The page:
Explosive training is also the fountain of youth

January 25, 2017

This title may look familiar since I just recently wrote about how resistance training is the fountain of youth. Although I certainly am not here to discredit my recent blog, I am certainly here to elaborate on it a bit further based on a recent study:

Explosive heavy-resistance training in old and very old adults: changes in rapid muscle force, strength and power.

 

Abstract

 

Age-related decline in muscle power predicts falls, motor impairments and disability. Recent guidelines suggested that training programs should be tailored to maximize muscle power. This study investigated the effects of 12 weeks of explosive-type heavy-resistance training (75-80% of 1 repetition maximum) in old (60-65 years, TG60) and very old (80-89 years, TG80) community-dwelling women. Training was performed with maximal intentional acceleration of the training load during the concentric movement phase. Maximal isometric voluntary muscle strength (MVC), rapid force capacity, assessed as rate of force development (RFD), and impulse, maximal muscle power during a countermovement jump (CMJ) and during unilateral leg extension task (LEP) were evaluated. RFD, impulse and MVC increased by 51%, 42% and 28% in TG80, and by 21%, 18% and 18% in TG60, respectively. CMJ jump height increased by 18% and 10% in TG80 and TG60, respectively, while jump peak power increased in TG60 (5%). Finally, LEP increased 28% in TG80 and 12% in TG60. These findings demonstrate that explosive-type heavy-resistance training seems to be safe and well tolerated in healthy women even in the eighth decade of life and elicits adaptive neuromuscular changes in selected physiological variables that are commonly associated with the risk of falls and disability in aged individuals.

 

When you hear about "explosive training," your mind probably leans towards young athletes and how fast and powerful they seem. You almost certainly never think about grandma and her slower pace. Well, according to the above study, explosive training is not only tolerated by individuals well into their 80's, but is highly recommended for healthy aging as well.

 

Resistance (strength) training is still extremely important. Using maximal, or even sub maximal loads to increase the strength and durability of muscles, bones, connective tissues, etc. is regarded as one of the most effective ways of aging gracefully.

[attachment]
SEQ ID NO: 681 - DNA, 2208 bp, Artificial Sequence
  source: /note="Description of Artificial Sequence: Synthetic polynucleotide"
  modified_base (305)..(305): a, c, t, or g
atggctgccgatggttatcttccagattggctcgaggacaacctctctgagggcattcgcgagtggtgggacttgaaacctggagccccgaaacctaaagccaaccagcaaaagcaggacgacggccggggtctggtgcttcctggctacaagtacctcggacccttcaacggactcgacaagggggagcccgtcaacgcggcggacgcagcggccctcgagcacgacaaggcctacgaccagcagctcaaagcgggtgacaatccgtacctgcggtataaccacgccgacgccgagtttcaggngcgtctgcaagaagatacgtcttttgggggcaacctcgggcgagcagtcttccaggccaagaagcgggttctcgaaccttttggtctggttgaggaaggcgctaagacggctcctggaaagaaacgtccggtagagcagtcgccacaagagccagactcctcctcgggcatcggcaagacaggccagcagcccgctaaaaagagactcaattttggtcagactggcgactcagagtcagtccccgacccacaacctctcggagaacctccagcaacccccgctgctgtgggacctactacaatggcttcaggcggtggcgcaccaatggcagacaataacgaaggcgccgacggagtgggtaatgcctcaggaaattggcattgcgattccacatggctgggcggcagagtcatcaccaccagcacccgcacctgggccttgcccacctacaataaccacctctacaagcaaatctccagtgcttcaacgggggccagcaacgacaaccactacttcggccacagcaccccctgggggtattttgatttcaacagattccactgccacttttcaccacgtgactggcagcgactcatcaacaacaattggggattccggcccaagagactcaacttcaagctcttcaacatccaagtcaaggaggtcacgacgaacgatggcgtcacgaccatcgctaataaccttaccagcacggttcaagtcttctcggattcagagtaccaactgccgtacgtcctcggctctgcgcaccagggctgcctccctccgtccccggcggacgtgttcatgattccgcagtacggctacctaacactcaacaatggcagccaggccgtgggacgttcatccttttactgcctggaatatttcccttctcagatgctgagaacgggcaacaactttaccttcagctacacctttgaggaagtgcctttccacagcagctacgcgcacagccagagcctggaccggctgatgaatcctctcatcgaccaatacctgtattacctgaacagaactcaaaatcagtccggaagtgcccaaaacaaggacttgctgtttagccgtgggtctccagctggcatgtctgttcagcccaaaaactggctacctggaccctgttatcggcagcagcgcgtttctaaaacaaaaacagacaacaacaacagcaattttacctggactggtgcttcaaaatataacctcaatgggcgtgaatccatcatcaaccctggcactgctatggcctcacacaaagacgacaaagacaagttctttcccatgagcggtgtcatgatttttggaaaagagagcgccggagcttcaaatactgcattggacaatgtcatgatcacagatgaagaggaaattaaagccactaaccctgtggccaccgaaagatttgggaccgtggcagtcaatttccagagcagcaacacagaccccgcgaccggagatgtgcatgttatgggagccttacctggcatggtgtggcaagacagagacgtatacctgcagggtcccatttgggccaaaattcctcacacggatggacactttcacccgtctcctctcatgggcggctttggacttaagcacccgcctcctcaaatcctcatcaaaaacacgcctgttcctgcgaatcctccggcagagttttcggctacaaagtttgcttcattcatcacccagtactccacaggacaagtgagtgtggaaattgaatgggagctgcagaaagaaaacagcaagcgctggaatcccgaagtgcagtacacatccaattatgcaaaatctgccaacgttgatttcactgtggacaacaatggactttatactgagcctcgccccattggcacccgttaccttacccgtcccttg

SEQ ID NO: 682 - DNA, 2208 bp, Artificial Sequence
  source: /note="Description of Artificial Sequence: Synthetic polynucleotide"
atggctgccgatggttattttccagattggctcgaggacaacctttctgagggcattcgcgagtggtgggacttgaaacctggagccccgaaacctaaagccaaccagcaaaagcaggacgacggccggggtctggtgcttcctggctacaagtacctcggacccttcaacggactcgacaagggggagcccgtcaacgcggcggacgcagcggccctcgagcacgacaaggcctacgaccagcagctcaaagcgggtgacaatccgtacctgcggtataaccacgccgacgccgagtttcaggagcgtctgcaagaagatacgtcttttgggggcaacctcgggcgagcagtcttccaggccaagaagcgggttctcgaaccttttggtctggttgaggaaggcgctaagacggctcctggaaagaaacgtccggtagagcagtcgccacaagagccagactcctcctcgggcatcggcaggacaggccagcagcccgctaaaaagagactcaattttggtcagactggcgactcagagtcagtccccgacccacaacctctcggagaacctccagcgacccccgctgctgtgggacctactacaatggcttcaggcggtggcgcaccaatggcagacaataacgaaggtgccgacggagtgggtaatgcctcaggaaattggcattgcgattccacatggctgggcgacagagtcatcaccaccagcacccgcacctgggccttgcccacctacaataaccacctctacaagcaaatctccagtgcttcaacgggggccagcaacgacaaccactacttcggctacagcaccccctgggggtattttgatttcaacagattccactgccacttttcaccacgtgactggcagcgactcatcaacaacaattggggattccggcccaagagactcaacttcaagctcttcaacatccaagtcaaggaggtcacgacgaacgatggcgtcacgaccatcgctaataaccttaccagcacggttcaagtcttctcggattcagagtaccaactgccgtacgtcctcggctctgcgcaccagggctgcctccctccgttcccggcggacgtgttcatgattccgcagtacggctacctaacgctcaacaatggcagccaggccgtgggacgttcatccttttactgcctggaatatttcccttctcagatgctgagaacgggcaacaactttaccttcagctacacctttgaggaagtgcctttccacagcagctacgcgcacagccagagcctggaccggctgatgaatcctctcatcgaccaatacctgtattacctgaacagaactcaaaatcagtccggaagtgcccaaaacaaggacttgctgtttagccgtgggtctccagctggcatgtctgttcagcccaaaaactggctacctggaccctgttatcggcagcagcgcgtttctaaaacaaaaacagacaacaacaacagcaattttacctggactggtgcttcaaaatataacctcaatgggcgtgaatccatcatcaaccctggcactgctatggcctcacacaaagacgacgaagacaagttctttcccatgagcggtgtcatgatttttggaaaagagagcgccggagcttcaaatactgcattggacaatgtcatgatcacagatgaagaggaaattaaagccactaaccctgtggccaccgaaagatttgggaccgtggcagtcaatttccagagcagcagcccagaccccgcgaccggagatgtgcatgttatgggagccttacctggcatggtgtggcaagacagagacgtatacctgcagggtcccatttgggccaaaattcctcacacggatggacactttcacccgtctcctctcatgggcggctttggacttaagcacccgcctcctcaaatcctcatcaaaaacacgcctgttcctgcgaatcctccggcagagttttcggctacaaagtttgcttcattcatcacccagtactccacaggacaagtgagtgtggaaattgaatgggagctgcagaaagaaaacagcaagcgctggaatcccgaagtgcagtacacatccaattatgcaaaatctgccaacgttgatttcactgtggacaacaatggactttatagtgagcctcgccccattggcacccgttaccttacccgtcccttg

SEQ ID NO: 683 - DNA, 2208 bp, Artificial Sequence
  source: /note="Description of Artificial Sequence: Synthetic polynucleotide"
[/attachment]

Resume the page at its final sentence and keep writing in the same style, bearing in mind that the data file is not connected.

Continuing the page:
Explosive or power training involves moving less weight, but moving said weight fast. A really simple example would be either pushing or throwing a ball. Pushing a ball from point A to point B gets the ball there, however, throwing is an explosive action and gets the ball there faster. The above study found that training older individuals with explosive actions helped to improve their reflexive actions.

 

Strength training involves learning how to activate more muscle in order to move a desired load. Your muscles are made up of many muscle fibers. Although all muscle fibers shorten at once when a muscle contracts, only a certain percentage of them does the work at any given time. Strength training can then be considered a skill by learning how to activate more muscle fibers and therefore generate more force.

 

Power or explosive training is all about increasing the reaction time between your brain and muscles. The faster your brain can not only get a signal to the muscle fibers, but to also have them contract at a faster rate, the more explosive they can be.

 

As the study points out, many age-related problems occur due to the risk of falling. Falling happens for a number of reasons, but most often occur due to a slow reaction time. Your brain is usually pretty efficient and effective at recognizing the signs that balance is off, but the time it takes to react to being off balance and therefore correcting the balance can deteriorate over time. Explosive training helps to keep that quickness needed.

 

This doesn't necessarily mean that grandma needs to do plyometrics, but instead, learn to safely and effectively lift lighter weights safely and quickly.

 

Tyler Robbins B.Sc. CSCS
Director of Fitness
Head of CrossFit

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